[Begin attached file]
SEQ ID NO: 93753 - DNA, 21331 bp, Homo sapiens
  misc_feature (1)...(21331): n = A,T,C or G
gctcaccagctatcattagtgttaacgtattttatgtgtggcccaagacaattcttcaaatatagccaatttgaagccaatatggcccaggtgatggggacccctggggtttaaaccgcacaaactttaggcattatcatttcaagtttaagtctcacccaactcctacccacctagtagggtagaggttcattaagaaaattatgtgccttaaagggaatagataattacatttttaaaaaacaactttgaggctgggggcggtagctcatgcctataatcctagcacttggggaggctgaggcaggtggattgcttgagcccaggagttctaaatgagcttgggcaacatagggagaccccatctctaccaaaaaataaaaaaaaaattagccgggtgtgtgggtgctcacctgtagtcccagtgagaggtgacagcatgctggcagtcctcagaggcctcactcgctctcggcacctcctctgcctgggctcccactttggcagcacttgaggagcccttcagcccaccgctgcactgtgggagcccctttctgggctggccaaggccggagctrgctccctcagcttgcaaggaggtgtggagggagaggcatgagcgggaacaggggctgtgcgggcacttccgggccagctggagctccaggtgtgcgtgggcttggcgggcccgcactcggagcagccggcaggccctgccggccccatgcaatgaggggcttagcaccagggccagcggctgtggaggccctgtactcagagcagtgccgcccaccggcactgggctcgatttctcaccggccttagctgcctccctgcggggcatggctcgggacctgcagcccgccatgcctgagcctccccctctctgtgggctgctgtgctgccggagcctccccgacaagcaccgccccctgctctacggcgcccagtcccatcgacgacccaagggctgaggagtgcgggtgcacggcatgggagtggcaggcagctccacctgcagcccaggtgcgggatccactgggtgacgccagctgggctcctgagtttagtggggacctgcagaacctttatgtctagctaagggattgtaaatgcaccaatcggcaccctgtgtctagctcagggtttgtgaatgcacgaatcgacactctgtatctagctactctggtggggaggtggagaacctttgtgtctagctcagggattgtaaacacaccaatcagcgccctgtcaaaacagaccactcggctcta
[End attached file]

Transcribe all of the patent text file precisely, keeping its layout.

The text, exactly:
SEQ ID NO: 93753 - DNA, 21331 bp, Homo sapiens
  misc_feature (1)...(21331): n = A,T,C or G
gctcaccagctatcattagtgttaacgtattttatgtgtggcccaagacaattcttcaaatatagccaatttgaagccaatatggcccaggtgatggggacccctggggtttaaaccgcacaaactttaggcattatcatttcaagtttaagtctcacccaactcctacccacctagtagggtagaggttcattaagaaaattatgtgccttaaagggaatagataattacatttttaaaaaacaactttgaggctgggggcggtagctcatgcctataatcctagcacttggggaggctgaggcaggtggattgcttgagcccaggagttctaaatgagcttgggcaacatagggagaccccatctctaccaaaaaataaaaaaaaaattagccgggtgtgtgggtgctcacctgtagtcccagtgagaggtgacagcatgctggcagtcctcagaggcctcactcgctctcggcacctcctctgcctgggctcccactttggcagcacttgaggagcccttcagcccaccgctgcactgtgggagcccctttctgggctggccaaggccggagctrgctccctcagcttgcaaggaggtgtggagggagaggcatgagcgggaacaggggctgtgcgggcacttccgggccagctggagctccaggtgtgcgtgggcttggcgggcccgcactcggagcagccggcaggccctgccggccccatgcaatgaggggcttagcaccagggccagcggctgtggaggccctgtactcagagcagtgccgcccaccggcactgggctcgatttctcaccggccttagctgcctccctgcggggcatggctcgggacctgcagcccgccatgcctgagcctccccctctctgtgggctgctgtgctgccggagcctccccgacaagcaccgccccctgctctacggcgcccagtcccatcgacgacccaagggctgaggagtgcgggtgcacggcatgggagtggcaggcagctccacctgcagcccaggtgcgggatccactgggtgacgccagctgggctcctgagtttagtggggacctgcagaacctttatgtctagctaagggattgtaaatgcaccaatcggcaccctgtgtctagctcagggtttgtgaatgcacgaatcgacactctgtatctagctactctggtggggaggtggagaacctttgtgtctagctcagggattgtaaacacaccaatcagcgccctgtcaaaacagaccactcggctcta